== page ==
UNFPA Country Representative in Zimbabwe, Dr Esther Muia on a sympathetic note said the plight of women who face such health challenges must be addressed without delay because such women end up depressed and impinged by absolute poverty. Above all, she pointed out clearly that women exposed to severe pain end up not able to discharge of their daily duties at house hold level. This, she said results in more poverty at family and community level.
The UN Agency is working tirelessly to bring access to repair facilities in the country. The organization also compliments the work being done by some organizations working together as well with the help of the Government of Zimbabwe through the Ministry of Health and Child Care .Prevention work is sorely done at national level focusing mainly at girls because they count in terms of economic development . If girls are left behind in this battle, then the challenge derails the good work that must see the country moving towards. Their empowerment meant to reduce poverty, center on health and education and achieve Sustainable Development Goals of the United Nations of which it is part of .
Dr Muia has the notion that, girls as part and parcel of the young generation needs moral health support so that they can live long happier lives and become leaders in their communities. It is the need to take a snap sharp look at women who are the mothers of children who needs support at all cost .The fact that women carry pregnancy for nine months and deliver for the sake of the nation is by no means a responsibility to look down upon .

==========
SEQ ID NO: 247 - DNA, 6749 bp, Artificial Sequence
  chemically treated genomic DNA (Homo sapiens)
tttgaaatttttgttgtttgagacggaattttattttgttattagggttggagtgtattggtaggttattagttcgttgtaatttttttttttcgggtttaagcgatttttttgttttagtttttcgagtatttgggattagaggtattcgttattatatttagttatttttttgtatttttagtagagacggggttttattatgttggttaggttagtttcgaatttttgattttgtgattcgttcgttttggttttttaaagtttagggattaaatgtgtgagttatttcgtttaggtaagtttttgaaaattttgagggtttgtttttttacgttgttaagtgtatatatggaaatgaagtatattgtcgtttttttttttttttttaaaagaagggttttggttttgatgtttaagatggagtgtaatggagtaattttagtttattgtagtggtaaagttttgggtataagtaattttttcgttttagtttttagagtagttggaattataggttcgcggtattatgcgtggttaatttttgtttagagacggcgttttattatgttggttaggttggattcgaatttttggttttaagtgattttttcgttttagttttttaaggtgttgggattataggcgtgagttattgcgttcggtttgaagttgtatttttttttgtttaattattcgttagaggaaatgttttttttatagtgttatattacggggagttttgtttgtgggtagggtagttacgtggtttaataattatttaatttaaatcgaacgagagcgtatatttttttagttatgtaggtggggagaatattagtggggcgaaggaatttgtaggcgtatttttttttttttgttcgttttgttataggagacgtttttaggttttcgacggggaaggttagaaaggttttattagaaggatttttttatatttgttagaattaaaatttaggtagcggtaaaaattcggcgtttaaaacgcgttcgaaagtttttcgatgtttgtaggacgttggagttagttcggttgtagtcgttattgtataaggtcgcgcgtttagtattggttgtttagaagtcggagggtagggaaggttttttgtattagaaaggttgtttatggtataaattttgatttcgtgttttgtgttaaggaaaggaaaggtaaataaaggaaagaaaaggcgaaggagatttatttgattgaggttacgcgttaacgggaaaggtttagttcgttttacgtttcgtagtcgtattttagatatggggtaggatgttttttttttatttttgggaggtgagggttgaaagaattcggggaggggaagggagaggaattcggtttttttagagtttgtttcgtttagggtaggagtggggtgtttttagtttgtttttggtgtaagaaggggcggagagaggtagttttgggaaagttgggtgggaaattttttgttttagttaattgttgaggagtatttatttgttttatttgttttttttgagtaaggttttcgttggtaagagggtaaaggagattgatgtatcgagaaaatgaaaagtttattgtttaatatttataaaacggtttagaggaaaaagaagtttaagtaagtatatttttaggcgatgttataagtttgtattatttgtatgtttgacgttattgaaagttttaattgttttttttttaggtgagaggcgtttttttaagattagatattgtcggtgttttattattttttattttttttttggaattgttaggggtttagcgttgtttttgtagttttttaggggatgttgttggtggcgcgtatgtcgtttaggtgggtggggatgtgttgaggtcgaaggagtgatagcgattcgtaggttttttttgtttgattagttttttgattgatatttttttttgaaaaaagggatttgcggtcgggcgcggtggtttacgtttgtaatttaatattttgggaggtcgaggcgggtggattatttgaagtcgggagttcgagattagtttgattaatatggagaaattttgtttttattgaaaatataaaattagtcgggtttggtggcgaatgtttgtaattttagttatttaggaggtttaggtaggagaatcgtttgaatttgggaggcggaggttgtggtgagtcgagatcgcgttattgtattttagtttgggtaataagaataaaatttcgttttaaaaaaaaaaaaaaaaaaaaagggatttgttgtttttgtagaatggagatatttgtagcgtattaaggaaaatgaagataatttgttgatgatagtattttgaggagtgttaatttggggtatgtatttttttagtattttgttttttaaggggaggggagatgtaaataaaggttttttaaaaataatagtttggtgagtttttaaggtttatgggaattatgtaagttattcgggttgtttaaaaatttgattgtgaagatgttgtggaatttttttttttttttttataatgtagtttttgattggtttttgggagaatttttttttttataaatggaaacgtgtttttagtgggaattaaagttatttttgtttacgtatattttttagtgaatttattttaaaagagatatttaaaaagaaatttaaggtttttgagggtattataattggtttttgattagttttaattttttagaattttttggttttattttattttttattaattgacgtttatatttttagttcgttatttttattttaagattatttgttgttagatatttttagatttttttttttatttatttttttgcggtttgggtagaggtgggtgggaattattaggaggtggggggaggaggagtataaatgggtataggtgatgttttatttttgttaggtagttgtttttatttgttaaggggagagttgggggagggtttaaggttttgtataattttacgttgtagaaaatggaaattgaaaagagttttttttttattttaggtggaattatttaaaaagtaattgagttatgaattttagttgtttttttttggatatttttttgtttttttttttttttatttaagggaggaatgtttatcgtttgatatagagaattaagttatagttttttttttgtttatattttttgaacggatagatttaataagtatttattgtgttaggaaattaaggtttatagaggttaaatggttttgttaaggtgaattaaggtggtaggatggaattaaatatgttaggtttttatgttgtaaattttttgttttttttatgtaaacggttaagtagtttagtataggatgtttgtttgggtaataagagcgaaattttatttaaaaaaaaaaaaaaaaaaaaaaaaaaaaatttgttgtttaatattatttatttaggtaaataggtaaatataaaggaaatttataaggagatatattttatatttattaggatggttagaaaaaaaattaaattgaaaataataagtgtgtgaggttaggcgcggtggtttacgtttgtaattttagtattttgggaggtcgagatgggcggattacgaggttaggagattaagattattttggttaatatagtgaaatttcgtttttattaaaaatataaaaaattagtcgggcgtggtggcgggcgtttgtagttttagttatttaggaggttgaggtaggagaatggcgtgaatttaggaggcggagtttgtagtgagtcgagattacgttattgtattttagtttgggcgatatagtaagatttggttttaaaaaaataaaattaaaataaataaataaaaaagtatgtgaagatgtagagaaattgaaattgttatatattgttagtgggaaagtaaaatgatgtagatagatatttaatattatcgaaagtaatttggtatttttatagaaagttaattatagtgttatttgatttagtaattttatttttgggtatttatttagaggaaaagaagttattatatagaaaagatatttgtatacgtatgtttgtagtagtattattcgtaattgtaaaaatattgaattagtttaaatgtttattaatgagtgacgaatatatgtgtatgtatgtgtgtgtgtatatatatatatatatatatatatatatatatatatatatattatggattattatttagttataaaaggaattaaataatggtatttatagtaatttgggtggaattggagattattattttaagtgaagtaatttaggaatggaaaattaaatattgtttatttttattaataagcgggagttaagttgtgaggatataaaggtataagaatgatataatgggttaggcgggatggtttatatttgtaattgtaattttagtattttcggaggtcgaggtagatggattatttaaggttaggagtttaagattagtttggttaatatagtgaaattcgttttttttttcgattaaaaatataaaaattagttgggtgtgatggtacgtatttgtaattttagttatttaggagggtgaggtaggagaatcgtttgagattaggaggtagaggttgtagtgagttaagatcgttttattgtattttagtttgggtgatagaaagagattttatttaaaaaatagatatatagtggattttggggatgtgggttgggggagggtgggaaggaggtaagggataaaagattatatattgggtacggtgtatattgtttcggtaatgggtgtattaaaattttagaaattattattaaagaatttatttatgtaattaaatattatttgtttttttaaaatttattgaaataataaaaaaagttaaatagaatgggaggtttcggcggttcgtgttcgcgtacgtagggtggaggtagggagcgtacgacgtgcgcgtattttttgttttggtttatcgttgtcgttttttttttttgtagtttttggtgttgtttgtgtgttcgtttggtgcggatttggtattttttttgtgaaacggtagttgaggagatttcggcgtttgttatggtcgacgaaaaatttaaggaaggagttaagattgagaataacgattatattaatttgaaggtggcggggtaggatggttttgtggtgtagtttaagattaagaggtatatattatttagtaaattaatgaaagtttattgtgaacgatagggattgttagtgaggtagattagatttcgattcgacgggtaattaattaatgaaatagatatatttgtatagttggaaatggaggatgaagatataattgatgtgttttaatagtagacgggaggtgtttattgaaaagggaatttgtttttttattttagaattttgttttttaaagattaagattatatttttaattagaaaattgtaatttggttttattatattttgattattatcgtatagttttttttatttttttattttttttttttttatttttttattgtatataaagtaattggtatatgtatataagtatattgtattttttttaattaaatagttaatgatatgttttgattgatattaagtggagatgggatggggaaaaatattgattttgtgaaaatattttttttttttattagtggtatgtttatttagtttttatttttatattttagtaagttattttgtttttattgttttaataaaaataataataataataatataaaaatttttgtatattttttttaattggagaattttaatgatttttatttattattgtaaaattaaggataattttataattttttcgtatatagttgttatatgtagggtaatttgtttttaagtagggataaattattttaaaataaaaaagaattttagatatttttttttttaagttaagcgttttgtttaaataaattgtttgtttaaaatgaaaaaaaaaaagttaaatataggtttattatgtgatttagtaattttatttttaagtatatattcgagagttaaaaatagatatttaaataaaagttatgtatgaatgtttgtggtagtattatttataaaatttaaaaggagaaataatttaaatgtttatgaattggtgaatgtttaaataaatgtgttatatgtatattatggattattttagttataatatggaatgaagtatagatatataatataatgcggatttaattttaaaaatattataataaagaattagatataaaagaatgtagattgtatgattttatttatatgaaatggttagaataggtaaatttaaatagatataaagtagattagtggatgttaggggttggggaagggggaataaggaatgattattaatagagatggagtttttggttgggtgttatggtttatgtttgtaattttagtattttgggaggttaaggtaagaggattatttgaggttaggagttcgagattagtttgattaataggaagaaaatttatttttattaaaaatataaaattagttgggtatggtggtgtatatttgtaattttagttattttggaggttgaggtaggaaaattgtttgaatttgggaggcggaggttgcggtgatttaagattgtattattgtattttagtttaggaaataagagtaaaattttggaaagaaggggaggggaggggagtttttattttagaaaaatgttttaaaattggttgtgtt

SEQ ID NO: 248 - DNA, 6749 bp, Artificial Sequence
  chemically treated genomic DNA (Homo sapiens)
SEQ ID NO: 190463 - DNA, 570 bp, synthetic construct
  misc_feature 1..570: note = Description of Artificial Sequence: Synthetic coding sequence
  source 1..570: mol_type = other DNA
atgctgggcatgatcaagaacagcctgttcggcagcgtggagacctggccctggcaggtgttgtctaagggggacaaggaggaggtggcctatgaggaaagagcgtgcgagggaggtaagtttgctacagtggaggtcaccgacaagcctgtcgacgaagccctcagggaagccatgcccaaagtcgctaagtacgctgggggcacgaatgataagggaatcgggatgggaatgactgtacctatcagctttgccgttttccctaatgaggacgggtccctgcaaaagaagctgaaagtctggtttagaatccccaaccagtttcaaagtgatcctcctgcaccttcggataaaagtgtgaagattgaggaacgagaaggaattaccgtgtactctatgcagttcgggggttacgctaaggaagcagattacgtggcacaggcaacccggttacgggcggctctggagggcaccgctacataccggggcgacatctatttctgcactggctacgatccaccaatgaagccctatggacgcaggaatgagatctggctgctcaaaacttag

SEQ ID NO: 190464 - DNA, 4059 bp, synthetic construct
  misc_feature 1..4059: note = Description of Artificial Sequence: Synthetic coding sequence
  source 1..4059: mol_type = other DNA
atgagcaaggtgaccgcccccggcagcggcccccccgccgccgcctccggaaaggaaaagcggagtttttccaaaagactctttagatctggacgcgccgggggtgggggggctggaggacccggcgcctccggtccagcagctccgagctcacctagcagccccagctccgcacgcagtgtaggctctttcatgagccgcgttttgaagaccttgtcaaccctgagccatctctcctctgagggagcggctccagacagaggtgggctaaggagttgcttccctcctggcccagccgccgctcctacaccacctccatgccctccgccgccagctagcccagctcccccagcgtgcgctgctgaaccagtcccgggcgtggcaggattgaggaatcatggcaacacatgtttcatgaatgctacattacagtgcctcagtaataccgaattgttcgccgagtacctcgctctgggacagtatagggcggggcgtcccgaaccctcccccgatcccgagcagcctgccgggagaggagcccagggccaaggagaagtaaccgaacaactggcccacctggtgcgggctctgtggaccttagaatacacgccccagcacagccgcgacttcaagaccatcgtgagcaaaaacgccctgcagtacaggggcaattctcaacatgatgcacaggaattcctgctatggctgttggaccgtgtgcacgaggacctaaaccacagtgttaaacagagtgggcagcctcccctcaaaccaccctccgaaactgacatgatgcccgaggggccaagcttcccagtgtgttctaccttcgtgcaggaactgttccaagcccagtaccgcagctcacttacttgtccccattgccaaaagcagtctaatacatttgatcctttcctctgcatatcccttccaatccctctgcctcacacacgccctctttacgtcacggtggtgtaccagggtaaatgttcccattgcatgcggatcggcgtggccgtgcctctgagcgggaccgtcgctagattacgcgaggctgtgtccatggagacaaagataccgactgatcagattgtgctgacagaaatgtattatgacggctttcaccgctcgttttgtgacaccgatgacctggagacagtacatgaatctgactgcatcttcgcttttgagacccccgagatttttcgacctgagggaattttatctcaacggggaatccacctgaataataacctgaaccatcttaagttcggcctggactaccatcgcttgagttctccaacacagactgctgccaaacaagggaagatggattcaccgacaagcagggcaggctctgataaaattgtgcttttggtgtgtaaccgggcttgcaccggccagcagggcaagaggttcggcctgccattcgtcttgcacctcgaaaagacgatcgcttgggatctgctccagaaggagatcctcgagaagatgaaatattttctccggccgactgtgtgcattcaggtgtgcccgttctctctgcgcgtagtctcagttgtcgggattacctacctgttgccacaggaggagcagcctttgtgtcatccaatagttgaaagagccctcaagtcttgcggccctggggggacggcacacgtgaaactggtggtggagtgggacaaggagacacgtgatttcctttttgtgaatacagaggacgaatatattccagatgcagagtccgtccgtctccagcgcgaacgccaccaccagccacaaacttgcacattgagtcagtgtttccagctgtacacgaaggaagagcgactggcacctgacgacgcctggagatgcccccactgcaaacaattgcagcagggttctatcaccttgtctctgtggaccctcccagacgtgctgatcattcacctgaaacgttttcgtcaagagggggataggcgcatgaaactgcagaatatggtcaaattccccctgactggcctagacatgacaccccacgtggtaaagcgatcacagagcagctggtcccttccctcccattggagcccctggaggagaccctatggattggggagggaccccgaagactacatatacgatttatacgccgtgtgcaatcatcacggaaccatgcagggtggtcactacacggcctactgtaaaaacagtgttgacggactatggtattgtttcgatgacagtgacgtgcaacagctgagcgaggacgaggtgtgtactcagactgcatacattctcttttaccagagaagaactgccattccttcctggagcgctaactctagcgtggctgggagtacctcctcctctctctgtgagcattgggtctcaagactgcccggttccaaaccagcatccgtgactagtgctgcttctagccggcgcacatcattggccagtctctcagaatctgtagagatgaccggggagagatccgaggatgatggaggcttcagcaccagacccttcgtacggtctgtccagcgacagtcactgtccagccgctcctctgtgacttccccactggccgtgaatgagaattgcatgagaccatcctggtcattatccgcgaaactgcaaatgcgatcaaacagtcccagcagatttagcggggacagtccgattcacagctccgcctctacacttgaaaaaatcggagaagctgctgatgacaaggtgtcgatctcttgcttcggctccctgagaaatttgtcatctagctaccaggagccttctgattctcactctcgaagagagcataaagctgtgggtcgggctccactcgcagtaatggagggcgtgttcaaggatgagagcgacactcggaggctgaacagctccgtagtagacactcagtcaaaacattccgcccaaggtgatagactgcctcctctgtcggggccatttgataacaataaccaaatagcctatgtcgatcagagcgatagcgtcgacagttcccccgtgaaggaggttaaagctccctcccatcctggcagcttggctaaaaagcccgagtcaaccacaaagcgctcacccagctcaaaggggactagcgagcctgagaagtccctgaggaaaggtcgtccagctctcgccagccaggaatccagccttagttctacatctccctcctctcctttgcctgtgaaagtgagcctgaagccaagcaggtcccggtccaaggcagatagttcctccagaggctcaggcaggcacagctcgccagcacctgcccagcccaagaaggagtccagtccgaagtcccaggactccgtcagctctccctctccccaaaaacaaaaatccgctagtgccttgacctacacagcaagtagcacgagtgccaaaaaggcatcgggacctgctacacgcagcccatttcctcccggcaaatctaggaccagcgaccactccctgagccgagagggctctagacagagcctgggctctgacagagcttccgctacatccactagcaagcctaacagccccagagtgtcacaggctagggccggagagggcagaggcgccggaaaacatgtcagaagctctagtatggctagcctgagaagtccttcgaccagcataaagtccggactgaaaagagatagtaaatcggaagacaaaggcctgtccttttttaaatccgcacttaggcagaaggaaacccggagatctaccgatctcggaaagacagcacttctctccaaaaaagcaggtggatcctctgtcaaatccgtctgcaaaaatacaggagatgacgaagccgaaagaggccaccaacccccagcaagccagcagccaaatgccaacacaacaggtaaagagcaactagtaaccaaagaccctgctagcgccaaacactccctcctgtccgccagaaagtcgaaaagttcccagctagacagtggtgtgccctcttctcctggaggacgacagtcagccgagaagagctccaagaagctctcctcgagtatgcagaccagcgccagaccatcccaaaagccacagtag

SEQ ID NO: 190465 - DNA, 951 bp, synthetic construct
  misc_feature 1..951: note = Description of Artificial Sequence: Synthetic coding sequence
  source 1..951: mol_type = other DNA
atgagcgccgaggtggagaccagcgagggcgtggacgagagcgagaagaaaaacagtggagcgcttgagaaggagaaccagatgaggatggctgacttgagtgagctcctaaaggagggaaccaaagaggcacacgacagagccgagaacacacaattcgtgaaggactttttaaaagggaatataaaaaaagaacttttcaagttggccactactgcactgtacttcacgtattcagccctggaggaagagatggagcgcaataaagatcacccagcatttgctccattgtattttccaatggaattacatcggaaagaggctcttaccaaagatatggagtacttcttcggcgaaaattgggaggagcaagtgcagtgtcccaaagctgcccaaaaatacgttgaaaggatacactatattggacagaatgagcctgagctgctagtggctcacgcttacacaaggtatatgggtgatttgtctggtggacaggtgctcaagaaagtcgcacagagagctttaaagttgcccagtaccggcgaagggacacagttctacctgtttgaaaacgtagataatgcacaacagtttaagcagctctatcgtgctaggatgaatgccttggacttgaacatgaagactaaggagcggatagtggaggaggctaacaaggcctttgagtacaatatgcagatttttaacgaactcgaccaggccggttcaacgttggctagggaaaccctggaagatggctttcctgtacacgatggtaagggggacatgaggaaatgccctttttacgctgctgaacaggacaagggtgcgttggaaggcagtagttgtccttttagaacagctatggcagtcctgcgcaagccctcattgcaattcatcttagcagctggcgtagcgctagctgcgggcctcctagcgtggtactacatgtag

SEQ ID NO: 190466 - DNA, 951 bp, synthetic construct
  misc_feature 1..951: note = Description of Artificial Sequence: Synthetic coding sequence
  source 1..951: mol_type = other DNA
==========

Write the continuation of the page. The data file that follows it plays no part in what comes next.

‘’We must ensure that every woman delivers in a health facility where they can access appropriate care and emergency obstetric care in the event that complications arise during delivery . Additionally providing such services to those who want it could reduce the number of women during or being injured during child birth by 20% .
‘’The important advice is to say , let us end child marriages which are driven by culture and tradition , a propelling force of generational poverty . Fistula affects strongly in young girls because getting married at early age and giving birth is dangerous since this results in injuries during child birth because their bodies would be not mature for child birth’’ , she said.
The Campaign to end Fistula in the country is a Health issue which all countries of the World need to cherish. Several Health Experts have a comment that, this is a Global issue because what is experienced in any country is also a problem somewhere around. Dr Esther Muia takes this as a Human Right issue which Doctors for Human Rights around the World take as well. Human Rights in terms of Health center more on women because of the biological aspect of Sexual Reproductive Health Rights of all women starting with the rights of young women who face the burden.
In her concluding remarks, Dr Esther Muia condemns customs related to child marriages which she sees as the main challenge affecting many African countries. She advises community leaders to forbid child marriages because there are so many consequences in line with this socially, biologically, economically and life-style wise.